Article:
Preachers everywhere are happy to be done with John the Baptist and moving on to more suitable stories for preluding Christmas—this week our Advent journey gets to hear about Mary. 

In the past couple of years, in light of the #MeToo movement, all kinds of things have been called into question. At this Advent and Christmas time of the year, one of those stories is the annunciation of Mary as told in Luke 1.

We think of Mary as being meek and mild, and acquiescing to the Angel’s (and the Spirit’s) will, and this is probably also related to all the art we see of Mary. Seen through the lens of all our society  has been talking about for the last couple of years, we might have some questions:

“Annunciation paintings, regarded through modern eyes, can suggest comparisons to conversations about female submissiveness and male dominance. In this spirit of inquiry, we might imagine some push-back against the portrayal of a Christian Lord sending his enabler, the archangel Gabriel, to inform the Virgin Mary that she’s been selected to bear The Almighty’s progeny. Did anyone think to ask Mary if she wanted to be impregnated — however immaculately — and to bear a son who’d be known as a Man of Sorrow acquainted with grief?” (Carol Strickland, Even the Virgin Mary Has a #MeToo Story: The Annunciation)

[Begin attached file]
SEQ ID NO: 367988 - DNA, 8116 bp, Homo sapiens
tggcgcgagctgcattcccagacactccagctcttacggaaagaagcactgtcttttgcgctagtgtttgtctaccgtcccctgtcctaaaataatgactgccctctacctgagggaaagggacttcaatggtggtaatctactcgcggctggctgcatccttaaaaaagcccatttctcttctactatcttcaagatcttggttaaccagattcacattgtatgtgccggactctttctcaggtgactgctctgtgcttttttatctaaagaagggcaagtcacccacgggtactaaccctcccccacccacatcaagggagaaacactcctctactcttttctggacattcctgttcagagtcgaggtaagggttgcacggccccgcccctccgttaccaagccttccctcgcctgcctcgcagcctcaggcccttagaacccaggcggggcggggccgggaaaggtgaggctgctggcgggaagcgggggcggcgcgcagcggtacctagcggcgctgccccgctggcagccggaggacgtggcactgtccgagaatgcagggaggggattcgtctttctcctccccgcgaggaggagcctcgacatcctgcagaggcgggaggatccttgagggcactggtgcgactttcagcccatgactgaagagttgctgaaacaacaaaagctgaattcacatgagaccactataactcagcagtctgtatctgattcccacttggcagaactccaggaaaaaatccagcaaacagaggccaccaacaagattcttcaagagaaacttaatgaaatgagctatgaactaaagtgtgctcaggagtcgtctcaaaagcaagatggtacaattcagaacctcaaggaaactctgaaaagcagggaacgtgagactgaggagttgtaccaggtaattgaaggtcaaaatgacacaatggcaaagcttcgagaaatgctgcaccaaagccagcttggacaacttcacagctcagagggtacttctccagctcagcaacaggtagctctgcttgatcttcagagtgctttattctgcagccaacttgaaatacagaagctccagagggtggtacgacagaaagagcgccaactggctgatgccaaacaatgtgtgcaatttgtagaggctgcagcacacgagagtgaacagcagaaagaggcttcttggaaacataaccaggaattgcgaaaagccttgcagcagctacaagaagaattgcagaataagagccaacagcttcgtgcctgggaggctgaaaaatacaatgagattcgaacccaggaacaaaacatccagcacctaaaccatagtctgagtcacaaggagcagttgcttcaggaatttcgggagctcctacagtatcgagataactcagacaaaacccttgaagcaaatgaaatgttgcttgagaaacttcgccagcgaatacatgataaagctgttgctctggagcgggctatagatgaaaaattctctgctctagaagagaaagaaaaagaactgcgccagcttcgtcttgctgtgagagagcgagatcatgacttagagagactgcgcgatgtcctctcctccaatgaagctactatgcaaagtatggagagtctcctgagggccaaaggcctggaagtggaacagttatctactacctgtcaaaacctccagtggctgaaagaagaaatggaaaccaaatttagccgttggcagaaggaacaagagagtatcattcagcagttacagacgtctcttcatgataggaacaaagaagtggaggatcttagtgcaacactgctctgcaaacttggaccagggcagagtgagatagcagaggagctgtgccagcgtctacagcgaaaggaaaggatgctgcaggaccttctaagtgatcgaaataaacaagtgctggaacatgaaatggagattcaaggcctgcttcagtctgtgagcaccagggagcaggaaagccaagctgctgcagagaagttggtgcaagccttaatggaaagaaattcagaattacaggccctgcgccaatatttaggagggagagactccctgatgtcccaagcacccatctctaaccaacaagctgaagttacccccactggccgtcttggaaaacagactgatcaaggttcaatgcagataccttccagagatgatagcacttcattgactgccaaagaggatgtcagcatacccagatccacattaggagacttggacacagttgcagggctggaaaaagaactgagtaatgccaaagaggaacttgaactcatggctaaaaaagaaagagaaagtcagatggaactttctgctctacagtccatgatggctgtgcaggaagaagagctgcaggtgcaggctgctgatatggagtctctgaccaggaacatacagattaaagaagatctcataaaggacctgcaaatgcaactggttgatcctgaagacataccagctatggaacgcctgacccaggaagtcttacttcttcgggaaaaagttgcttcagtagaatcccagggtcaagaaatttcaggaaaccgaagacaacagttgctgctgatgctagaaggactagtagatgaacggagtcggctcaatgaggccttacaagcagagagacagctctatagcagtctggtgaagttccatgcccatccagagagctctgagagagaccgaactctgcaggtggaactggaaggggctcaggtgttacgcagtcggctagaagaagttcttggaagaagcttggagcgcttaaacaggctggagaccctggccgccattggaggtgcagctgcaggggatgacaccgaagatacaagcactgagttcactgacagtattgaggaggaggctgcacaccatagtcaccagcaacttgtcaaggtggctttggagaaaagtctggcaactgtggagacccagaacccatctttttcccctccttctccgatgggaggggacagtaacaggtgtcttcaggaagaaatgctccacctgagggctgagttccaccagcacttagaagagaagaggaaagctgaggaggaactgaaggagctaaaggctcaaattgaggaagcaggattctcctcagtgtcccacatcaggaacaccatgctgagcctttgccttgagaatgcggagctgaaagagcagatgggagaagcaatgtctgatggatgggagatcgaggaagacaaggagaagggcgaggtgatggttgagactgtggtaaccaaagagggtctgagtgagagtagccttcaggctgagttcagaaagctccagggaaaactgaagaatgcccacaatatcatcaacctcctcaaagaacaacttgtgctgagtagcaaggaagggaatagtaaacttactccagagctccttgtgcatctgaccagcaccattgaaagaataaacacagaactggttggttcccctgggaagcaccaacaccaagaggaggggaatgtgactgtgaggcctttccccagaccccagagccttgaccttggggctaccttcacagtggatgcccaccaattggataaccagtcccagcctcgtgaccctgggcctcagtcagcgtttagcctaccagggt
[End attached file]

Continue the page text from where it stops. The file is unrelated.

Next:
The Biblical text tells us her response, in Luke 1:38: “Here am I, the servant of the Lord; let it be with me according to your word.” 

Mary Meek and Mild, or Mary, Corageous Cooperator and co-conspirator with God? That’s what we’ll consider this Sunday, December 23 at church at the Hook & Ladder Theater, 10:30 AM.